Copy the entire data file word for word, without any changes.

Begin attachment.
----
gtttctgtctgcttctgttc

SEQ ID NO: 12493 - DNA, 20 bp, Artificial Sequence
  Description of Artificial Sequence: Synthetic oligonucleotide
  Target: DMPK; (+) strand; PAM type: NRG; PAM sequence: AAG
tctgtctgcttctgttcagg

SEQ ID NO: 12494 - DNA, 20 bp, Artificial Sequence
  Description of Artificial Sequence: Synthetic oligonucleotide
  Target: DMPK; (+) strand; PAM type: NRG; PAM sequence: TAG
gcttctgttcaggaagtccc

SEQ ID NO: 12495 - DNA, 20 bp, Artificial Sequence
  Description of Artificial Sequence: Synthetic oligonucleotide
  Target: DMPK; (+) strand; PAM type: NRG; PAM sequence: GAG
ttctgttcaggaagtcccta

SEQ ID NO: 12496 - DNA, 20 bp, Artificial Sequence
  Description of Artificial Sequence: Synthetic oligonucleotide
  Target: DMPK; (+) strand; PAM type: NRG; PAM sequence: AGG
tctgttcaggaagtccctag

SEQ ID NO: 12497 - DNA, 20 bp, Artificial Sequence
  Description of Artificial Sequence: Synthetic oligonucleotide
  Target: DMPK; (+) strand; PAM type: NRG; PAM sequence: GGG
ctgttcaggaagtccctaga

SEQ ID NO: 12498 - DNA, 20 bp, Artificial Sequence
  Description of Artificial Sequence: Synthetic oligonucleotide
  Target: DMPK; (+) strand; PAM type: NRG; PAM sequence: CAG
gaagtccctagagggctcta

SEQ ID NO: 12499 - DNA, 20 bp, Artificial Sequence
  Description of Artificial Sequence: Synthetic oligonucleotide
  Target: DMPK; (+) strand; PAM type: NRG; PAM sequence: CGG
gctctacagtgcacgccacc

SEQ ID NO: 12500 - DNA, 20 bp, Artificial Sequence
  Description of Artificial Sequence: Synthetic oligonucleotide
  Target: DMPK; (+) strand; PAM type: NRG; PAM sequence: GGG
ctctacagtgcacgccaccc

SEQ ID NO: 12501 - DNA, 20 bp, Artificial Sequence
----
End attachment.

gtttctgtctgcttctgttc

SEQ ID NO: 12493 - DNA, 20 bp, Artificial Sequence
  Description of Artificial Sequence: Synthetic oligonucleotide
  Target: DMPK; (+) strand; PAM type: NRG; PAM sequence: AAG
tctgtctgcttctgttcagg

SEQ ID NO: 12494 - DNA, 20 bp, Artificial Sequence
  Description of Artificial Sequence: Synthetic oligonucleotide
  Target: DMPK; (+) strand; PAM type: NRG; PAM sequence: TAG
gcttctgttcaggaagtccc

SEQ ID NO: 12495 - DNA, 20 bp, Artificial Sequence
  Description of Artificial Sequence: Synthetic oligonucleotide
  Target: DMPK; (+) strand; PAM type: NRG; PAM sequence: GAG
ttctgttcaggaagtcccta

SEQ ID NO: 12496 - DNA, 20 bp, Artificial Sequence
  Description of Artificial Sequence: Synthetic oligonucleotide
  Target: DMPK; (+) strand; PAM type: NRG; PAM sequence: AGG
tctgttcaggaagtccctag

SEQ ID NO: 12497 - DNA, 20 bp, Artificial Sequence
  Description of Artificial Sequence: Synthetic oligonucleotide
  Target: DMPK; (+) strand; PAM type: NRG; PAM sequence: GGG
ctgttcaggaagtccctaga

SEQ ID NO: 12498 - DNA, 20 bp, Artificial Sequence
  Description of Artificial Sequence: Synthetic oligonucleotide
  Target: DMPK; (+) strand; PAM type: NRG; PAM sequence: CAG
gaagtccctagagggctcta

SEQ ID NO: 12499 - DNA, 20 bp, Artificial Sequence
  Description of Artificial Sequence: Synthetic oligonucleotide
  Target: DMPK; (+) strand; PAM type: NRG; PAM sequence: CGG
gctctacagtgcacgccacc

SEQ ID NO: 12500 - DNA, 20 bp, Artificial Sequence
  Description of Artificial Sequence: Synthetic oligonucleotide
  Target: DMPK; (+) strand; PAM type: NRG; PAM sequence: GGG
ctctacagtgcacgccaccc

SEQ ID NO: 12501 - DNA, 20 bp, Artificial Sequence